From bottom, Rebecca Paradies (REBECCA PARADIES cq), Devorah Coryell (DEVORAH CORYELL cq), and Trevor Street (TREVOR STREET cq) hike the Box Camp Trail (BOX CAMP TRAIL cq) on Mount Lemmon (MOUNT LEMMON cq) Monday, June 6, 2011. Due to extreme fire danger the Coronado National Forest will be closed starting at noon Thursday. Photo by Jill Torrance/Arizona Daily Star Transmission 153191 MANDATORY CREDIT, NO SALE, NO MAGS
Many of the most beautiful and popular sites in the Catalina Mountains escaped the ravages of the recent Burro Fire.And now abundant monsoon rains have enhanced the range’s surviving splendor with intense greenery, dazzling wildflowers and cascading streams. A drive up the 25-mile Catalina Highway northeast of Tucson will take you past countless photo-worthy sites — from uncommonly green desert terrain in the first few miles to forests of evergreens and ferns higher in the range.
A hiker has died at Saguaro National Park west of Tucson — possibly of heat-related causes, park officials reported.The 34-year-old hiker, Bradley Hughes of Geneva, Ill., was found dead on the Gould Mine Trail on Saturday afternoon, May 27, the officials said. They noted that he “had an empty hydration bladder and no other water with him when he was found. Heat or dehydration may have been a factor.” The high temperature in Tucson on Saturday was 96 degrees.
Muck Rack makes it simple to find people, tweets, or articles that mention any name, keyword, company, hashtag etc. We've compiled this guide to help you make the most of your search.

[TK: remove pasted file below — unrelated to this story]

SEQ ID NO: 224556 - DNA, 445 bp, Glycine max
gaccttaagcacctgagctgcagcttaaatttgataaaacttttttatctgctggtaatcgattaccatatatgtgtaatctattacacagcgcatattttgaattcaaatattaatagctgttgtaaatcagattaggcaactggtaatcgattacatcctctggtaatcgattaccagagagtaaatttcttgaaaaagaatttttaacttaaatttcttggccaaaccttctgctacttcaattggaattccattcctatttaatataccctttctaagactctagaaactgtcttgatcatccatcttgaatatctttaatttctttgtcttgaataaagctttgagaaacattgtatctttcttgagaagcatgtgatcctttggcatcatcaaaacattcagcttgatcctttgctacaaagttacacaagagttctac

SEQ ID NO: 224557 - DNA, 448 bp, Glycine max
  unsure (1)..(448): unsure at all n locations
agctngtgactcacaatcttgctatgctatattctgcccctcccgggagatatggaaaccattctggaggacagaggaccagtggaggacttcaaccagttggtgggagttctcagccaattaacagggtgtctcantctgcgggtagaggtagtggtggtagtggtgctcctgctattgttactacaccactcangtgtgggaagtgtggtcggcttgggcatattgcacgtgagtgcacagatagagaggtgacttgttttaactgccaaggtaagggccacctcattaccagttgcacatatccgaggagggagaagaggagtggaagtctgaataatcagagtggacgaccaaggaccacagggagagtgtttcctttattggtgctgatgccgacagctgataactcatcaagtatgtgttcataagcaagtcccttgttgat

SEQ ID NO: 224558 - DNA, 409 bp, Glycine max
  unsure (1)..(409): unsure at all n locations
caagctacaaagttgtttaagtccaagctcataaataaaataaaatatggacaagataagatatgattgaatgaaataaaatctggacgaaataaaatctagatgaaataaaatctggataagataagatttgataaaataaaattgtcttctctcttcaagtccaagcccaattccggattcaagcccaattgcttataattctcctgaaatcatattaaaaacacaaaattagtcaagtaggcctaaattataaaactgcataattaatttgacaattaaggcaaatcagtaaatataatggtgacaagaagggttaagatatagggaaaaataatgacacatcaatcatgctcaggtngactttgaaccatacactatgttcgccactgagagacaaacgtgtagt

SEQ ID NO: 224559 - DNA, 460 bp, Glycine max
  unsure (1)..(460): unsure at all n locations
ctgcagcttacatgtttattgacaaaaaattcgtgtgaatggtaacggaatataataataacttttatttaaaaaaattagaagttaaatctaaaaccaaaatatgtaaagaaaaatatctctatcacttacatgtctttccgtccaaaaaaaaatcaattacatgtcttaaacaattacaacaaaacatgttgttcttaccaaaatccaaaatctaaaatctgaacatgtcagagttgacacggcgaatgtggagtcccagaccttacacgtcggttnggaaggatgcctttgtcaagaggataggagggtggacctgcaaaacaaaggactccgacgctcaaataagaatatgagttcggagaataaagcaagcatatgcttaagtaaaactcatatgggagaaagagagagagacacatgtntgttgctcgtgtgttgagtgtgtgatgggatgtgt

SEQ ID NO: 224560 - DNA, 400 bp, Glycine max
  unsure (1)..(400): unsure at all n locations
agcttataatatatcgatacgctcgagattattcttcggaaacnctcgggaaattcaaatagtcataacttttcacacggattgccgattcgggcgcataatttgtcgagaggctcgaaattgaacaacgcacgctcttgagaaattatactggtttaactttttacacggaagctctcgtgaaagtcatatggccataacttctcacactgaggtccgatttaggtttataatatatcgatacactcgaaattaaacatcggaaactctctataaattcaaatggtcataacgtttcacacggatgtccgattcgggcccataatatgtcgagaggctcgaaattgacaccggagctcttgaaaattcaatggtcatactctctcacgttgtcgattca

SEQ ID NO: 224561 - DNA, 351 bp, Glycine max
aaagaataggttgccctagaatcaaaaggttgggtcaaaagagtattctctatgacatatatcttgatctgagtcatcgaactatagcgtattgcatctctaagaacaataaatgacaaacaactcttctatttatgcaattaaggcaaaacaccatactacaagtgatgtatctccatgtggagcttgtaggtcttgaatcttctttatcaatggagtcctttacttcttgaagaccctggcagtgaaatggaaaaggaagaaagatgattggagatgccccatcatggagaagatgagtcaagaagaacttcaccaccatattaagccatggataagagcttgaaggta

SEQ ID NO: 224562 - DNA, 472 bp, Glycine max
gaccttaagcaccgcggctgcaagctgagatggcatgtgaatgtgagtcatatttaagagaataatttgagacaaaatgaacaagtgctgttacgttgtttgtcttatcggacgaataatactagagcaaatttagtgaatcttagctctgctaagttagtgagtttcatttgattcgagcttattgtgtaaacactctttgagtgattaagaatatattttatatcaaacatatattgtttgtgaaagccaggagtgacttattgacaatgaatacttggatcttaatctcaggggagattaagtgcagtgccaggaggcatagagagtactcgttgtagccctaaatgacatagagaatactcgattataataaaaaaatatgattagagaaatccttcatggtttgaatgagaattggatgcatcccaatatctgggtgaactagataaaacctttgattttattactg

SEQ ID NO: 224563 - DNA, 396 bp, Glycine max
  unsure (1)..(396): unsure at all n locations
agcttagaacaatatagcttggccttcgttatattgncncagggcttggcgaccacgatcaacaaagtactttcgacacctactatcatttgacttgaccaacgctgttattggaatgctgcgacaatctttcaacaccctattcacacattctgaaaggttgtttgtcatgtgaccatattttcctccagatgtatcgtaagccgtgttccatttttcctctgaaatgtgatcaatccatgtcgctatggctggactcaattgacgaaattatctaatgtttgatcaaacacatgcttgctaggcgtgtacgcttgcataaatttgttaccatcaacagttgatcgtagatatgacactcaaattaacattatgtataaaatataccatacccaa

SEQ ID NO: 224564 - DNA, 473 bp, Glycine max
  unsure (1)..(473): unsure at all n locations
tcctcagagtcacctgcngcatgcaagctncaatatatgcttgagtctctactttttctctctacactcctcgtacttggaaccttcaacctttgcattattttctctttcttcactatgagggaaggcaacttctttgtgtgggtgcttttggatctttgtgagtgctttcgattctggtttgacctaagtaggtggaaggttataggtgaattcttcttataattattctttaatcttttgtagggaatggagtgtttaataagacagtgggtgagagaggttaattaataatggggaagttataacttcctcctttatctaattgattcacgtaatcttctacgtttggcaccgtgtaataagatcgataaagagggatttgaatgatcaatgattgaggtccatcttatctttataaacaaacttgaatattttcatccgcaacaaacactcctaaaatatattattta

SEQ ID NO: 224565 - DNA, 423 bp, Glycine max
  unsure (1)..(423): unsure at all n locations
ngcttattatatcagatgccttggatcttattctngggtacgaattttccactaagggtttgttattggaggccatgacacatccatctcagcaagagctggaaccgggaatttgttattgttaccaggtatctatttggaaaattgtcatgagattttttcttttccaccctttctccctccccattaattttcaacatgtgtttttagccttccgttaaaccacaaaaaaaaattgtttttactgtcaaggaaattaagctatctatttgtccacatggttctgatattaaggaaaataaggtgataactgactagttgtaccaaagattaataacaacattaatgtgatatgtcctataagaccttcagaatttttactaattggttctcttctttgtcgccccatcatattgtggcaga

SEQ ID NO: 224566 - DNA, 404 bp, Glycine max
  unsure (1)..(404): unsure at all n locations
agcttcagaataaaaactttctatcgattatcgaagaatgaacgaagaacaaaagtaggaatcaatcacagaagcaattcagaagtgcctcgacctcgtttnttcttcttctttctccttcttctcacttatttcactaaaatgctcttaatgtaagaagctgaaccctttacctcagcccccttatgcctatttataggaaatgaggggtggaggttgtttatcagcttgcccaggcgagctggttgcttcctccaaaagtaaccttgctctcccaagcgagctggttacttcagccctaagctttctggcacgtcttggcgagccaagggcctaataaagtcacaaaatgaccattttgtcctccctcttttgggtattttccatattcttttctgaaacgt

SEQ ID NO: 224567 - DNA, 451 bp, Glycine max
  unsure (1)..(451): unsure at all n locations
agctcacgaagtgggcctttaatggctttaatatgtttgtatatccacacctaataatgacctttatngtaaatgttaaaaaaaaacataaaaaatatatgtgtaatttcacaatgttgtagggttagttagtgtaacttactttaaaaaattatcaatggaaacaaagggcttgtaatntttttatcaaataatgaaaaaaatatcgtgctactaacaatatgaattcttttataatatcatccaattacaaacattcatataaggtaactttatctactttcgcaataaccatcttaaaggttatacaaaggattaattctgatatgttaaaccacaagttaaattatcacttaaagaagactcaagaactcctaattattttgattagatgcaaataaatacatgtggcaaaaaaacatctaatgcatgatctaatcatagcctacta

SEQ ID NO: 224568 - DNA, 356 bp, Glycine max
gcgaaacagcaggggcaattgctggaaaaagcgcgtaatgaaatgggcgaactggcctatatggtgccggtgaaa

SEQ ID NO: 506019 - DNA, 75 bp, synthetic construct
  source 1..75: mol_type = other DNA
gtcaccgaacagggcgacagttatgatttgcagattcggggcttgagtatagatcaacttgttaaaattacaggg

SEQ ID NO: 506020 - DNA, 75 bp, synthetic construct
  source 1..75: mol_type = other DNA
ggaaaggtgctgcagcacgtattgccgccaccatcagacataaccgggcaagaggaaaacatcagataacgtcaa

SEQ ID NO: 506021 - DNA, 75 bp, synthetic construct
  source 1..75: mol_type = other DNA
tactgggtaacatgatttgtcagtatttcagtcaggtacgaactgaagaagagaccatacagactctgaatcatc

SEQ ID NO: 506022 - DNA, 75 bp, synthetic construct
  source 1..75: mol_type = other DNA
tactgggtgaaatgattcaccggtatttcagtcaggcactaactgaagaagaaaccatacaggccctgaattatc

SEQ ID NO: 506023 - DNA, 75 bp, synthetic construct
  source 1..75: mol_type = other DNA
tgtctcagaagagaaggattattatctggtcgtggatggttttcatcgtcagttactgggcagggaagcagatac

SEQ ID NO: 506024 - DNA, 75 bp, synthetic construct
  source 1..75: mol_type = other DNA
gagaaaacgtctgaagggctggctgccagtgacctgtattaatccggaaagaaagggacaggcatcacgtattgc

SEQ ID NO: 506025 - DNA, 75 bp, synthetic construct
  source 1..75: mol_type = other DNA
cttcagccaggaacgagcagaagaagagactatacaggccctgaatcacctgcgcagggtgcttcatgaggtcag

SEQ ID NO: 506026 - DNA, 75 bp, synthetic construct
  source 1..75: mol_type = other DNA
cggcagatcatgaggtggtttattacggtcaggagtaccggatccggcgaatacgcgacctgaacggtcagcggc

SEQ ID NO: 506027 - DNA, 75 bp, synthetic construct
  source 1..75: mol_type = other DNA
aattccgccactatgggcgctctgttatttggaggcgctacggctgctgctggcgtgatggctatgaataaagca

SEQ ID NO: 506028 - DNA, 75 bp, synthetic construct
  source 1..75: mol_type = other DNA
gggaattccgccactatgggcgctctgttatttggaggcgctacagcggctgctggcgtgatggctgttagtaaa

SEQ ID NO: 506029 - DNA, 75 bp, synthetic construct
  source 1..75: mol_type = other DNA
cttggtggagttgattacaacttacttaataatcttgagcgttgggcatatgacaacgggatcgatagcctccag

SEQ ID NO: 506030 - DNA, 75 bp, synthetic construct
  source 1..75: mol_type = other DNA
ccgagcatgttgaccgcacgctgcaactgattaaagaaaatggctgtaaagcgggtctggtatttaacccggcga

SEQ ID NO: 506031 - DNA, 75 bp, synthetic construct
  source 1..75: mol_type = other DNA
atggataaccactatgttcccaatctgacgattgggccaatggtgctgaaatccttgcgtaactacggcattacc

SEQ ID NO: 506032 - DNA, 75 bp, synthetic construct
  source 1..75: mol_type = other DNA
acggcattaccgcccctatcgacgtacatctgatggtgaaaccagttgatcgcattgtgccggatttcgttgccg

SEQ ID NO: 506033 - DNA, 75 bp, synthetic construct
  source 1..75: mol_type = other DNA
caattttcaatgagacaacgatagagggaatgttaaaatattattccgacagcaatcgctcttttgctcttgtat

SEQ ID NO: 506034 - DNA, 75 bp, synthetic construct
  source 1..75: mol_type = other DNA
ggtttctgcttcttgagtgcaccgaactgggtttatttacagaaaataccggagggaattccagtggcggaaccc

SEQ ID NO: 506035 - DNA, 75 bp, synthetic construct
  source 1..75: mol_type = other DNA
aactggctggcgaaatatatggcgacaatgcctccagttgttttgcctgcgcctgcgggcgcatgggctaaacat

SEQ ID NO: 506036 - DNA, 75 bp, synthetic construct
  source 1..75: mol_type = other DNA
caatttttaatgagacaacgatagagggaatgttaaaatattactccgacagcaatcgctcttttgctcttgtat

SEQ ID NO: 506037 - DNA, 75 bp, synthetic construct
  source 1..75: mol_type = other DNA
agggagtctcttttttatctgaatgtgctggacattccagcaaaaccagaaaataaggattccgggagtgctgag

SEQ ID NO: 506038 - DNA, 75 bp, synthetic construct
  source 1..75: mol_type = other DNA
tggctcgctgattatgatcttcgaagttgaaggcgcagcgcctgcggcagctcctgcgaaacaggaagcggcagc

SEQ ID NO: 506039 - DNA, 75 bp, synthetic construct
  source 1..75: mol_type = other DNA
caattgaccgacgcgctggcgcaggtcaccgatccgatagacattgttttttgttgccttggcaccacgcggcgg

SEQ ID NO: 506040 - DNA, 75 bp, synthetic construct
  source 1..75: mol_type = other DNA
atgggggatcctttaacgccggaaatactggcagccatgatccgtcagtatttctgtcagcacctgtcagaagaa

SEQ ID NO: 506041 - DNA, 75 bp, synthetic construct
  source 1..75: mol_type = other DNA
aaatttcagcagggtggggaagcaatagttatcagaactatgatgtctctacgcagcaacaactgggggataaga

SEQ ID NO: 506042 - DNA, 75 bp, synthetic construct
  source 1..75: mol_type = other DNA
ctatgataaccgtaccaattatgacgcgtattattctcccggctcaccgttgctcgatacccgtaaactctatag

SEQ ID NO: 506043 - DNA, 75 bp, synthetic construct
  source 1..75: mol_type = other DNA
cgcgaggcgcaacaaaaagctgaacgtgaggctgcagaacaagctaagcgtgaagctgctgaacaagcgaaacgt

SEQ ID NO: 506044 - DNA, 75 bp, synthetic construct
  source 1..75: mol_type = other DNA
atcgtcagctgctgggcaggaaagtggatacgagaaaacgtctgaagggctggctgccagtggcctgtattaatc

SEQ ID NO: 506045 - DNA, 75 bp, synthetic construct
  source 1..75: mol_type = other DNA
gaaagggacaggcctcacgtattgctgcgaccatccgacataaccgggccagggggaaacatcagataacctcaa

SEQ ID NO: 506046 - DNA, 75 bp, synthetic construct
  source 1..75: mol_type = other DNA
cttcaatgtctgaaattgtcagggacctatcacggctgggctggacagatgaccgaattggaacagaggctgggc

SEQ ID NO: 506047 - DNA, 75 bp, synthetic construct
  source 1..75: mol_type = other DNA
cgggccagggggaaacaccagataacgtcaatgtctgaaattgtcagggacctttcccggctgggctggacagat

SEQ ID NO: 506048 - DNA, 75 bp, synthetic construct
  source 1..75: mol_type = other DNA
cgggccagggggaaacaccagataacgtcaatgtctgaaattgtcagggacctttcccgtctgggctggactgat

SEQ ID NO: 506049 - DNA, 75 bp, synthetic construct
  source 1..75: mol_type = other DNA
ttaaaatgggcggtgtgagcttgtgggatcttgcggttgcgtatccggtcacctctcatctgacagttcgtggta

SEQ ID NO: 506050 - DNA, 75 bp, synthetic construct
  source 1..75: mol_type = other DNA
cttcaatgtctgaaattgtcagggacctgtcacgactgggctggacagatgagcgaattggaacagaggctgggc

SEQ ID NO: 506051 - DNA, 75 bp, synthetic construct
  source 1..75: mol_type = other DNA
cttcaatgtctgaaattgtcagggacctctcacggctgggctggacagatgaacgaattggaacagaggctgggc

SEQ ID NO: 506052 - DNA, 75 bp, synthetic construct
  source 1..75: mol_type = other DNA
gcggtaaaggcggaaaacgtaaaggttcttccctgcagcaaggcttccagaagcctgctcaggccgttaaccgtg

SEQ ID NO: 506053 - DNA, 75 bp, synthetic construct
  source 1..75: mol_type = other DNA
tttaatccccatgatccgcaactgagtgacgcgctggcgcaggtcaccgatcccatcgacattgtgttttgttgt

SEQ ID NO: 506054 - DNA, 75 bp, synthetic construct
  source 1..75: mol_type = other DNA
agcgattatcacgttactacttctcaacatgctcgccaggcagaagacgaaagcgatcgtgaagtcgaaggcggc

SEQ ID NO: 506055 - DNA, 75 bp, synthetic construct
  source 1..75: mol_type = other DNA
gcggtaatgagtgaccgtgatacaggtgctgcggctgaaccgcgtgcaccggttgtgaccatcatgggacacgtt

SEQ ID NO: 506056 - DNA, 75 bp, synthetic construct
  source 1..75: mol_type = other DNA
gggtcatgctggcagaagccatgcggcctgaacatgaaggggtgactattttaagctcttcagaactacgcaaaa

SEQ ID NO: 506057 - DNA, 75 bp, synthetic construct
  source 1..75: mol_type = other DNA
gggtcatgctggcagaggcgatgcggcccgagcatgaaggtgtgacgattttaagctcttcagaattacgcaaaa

Selecting a term
Start searching tweets, articles from media outlets, articles mentioned in tweets, journalists'
names, titles and bios with some suggested searches:
Companies or Topics (e.g. iPhone, Microsoft)
Phrases (e.g. "cloud computing") — use quotes to keep the terms together
Twitter handles (e.g. @username) — returns those who have mentioned or replied to
Names (e.g. "David Pogue")
Hashtags (e.g. #sxsw, #london2012)
Bio details (e.g. vegan, Olympics, father)
Muck Rack's Advanced Search allows for many boolean operators.
Find results that mention multiple specified terms, use AND or
+. For example, ensure each result contains both Elon Musk and Mark Zuckerberg by
searching Obama AND Romney or Obama + Romney.
Use the operators OR or , to broaden your search when you'd like either of
multiple terms to appear in results. (This is the default behavior of our search when no operators
are used.) For example, search for democrat OR republican to find results that refer to
Democrats and/or Republicans.
Use NOT or - to subtract results from your search. For
example, searching Disney will yield results about the Walt Disney Company as well as Walt Disney
World Resort. To exclude mentions of Disney World, search for Disney -World or Disney
When using one of these operators with a phrase, enclose it in quotation marks. For example, you can
find results about smartphones excluding Apple's iPhone 4S by searching smartphone -"iPhone
Exact case matching or punctuation
If you're searching for a brand name or keyword that relies on specific punctuation marks or capitalization, you can
find results that match your exact query by adding matchcase: before the keyword you're searching for, like matchcase:E*TRADE .
Use parentheses to separate multiple
boolean phrases. For example, to find journalists talking about having fun in Disney World or
Disneyland, search for ("disney world" OR disneyland) AND fun.
An asterisk can be used to search for any variation of a root word truncated by the asterisk. For example, searching for admin* will return results for administrator, administration, administer, administered, etc.
A near operator is an AND operator where you can control the distance between the words. You can vary the distance the near operation uses by adding a forward slash and number (between 0-99) such as strawberries NEAR/10 "whipped cream", which means the strawberries must exist within 10 words of "whipped cream".